• KIMBERLY MARTEN:

    In fact, the former prime minister of Russia made that point publicly saying this is not going to be good for the Russian economy. It's going to hurt the Russian economy as badly as the Turkish economy. The Russian economy was already in a recession primarily because of low oil prices. It just seems like Putin expresses anger in ways that actually shoot Russia in the foot.

  • HARI SREENIVASAN:

    Turkey has a lot to lose in this relationship. They need all of the energy they get from Russia.

  • KIMBERLY MARTEN:

    They do. They have a huge amount of natural gas that they are importing from Russia. There was supposed to be a new pipeline that was going to go into effect to allow Russia to bypass Ukraine in its gas exports to Europe that now seems like it's on the rocks. Although, people realize that wasn't very profitable anyway, and so, that may have been an excuse to get around it.

    It also seems like they might lose grain imports from Russia and Ukraine is stepping in saying, "Hey, Turkey, if you need grain, we're here. We'll help you." It actually could cement further trade relations between Ukraine and Turkey, and Turkey and its European partners.

    And, you know, what Putin seems to be doing over and over again is just driving more and more opponents to have common interests against what he's doing.

  • HARI SREENIVASAN:

    And let's talk a little about the Russians seem to be targeting Turkish anti-Assad forces, right? And really, in the last couple of days after the downing of this jet, they seem to intensify those attacks.

  • KIMBERLY MARTEN:

    And in a sense, that's not completely new because we know that for the last couple of months that Russia has been on the ground in Syria, they have not primarily been going after Islamic State targets. So, these people that are being hit now were people being hit earlier, too.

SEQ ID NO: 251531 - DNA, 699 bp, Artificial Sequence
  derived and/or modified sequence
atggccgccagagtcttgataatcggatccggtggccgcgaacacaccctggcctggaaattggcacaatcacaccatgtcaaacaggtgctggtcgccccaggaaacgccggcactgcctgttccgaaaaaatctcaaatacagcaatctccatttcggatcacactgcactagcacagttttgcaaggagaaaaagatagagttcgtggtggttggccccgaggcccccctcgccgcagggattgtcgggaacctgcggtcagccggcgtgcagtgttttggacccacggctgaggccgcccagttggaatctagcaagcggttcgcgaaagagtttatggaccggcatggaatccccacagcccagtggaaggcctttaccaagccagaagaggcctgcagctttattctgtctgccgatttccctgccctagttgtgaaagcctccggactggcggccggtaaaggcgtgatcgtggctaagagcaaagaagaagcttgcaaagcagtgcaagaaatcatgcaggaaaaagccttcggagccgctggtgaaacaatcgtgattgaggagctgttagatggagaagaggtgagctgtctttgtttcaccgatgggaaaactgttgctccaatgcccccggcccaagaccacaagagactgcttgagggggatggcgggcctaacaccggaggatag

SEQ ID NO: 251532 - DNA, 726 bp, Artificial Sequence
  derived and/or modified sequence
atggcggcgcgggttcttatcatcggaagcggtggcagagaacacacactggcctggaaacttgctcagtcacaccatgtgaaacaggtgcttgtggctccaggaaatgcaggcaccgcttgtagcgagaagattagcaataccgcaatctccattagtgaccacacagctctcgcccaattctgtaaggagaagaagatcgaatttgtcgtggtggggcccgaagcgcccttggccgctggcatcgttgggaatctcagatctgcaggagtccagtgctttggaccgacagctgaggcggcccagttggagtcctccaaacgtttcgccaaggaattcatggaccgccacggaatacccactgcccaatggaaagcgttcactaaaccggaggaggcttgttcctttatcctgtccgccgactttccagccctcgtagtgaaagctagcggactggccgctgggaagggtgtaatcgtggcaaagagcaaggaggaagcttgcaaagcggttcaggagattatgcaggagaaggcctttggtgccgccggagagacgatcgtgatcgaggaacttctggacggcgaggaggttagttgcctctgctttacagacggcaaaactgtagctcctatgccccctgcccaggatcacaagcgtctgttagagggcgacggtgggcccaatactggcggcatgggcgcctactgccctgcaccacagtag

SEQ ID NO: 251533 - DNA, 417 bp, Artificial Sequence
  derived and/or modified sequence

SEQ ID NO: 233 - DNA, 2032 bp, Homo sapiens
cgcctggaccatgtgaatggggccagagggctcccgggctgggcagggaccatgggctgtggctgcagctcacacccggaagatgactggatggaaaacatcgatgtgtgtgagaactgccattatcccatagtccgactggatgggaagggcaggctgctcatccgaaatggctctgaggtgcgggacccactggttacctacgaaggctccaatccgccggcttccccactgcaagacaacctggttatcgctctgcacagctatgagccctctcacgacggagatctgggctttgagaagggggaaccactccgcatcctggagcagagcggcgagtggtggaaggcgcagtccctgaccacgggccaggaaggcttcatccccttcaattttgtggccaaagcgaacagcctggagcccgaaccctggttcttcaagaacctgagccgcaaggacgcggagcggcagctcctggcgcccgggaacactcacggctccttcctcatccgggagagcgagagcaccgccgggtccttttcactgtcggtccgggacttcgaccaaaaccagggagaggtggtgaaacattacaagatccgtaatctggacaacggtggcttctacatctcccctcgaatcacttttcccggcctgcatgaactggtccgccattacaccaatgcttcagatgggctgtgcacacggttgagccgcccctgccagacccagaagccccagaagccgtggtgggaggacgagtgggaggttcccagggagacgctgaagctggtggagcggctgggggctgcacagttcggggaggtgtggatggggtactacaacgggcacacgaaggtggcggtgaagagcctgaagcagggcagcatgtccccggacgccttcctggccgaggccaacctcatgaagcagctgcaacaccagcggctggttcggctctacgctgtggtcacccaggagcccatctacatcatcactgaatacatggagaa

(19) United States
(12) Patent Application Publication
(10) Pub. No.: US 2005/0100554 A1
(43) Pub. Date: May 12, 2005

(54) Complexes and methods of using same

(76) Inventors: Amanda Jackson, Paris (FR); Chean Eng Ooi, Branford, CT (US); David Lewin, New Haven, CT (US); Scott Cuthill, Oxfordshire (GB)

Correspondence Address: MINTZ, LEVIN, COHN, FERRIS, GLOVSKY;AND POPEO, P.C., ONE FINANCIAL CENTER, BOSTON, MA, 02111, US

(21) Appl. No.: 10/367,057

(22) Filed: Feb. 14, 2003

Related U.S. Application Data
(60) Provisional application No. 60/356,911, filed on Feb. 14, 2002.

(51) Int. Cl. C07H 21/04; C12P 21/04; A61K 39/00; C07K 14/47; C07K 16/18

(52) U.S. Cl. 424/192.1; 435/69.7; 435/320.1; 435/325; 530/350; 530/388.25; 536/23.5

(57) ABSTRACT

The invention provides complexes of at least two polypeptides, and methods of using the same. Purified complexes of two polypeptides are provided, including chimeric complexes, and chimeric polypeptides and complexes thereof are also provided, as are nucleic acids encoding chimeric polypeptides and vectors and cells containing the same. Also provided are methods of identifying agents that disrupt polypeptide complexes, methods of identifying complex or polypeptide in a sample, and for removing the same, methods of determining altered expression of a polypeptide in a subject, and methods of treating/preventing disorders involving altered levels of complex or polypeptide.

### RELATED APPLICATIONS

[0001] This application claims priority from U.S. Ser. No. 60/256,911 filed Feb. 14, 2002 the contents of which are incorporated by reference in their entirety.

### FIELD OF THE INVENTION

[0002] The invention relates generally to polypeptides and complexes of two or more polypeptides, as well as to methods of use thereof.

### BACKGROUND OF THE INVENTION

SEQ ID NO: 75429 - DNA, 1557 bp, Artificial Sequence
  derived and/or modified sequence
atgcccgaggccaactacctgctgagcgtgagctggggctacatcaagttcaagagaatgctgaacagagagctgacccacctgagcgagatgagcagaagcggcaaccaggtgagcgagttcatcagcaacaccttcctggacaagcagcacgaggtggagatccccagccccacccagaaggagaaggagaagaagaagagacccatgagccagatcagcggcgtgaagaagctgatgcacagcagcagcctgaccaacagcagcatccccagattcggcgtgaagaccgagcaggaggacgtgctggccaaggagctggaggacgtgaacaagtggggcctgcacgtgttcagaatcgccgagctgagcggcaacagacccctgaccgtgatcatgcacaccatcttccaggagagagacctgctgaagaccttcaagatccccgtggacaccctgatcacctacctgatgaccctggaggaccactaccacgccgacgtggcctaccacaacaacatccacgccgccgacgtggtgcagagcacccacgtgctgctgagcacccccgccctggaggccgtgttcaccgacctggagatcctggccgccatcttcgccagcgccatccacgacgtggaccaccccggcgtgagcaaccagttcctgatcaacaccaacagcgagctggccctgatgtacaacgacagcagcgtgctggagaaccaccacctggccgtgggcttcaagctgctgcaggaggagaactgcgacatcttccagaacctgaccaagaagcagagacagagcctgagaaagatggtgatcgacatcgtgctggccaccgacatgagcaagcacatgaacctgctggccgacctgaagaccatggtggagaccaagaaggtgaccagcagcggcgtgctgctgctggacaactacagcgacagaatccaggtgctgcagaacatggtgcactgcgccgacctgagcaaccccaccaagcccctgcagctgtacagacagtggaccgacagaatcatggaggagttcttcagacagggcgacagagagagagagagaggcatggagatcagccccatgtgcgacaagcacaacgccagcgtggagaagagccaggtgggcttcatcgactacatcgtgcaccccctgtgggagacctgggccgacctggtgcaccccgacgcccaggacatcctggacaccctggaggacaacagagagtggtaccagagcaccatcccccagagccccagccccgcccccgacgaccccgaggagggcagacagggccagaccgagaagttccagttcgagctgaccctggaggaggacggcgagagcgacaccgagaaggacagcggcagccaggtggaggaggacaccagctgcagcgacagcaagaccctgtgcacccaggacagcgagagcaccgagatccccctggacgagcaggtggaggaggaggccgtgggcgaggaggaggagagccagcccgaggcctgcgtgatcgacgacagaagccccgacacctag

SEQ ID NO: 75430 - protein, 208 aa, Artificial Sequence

But, yes. I mean, that's part of the retaliation. Rather than what you — you know, what would be the sensible think of the Russian plane should avoid the Turkish border and therefore, we'll try to back up a little bit. It seems like Putin is saying send the planes right into the Turkish border area and hit against the Turkmen groups that Turkey is cooperating with the most in Syria.

  • HARI SREENIVASAN:

    What is the U.S. role in all of this? We need Turkey right now. Their airbase helps us get off the ground towards bombing runs in Syria much easier, right? I mean, there's lots of other interest that we have in Turkey for the region. But how do we help negotiate this fight?

  • KIMBERLY MARTEN:

    It's very complicated because the U.S. is also giving support to Kurdish rebels in Syria, and Turkey is having problems with its own Kurdish populations and has been trying to restrict the ability of its own Kurdish population to help the Kurdish rebels in Syria. And so, the U.S. and Turkish interests are not completely aligned either.

    And so, the entire situation is extraordinarily complex. It doesn't break down easily into any one set of alliances.

  • HARI SREENIVASAN:

    All right. Kimberly Marten of Barnard College and Columbia University — thanks so much for joining us.

  • KIMBERLY MARTEN:

    Thank you, Hari.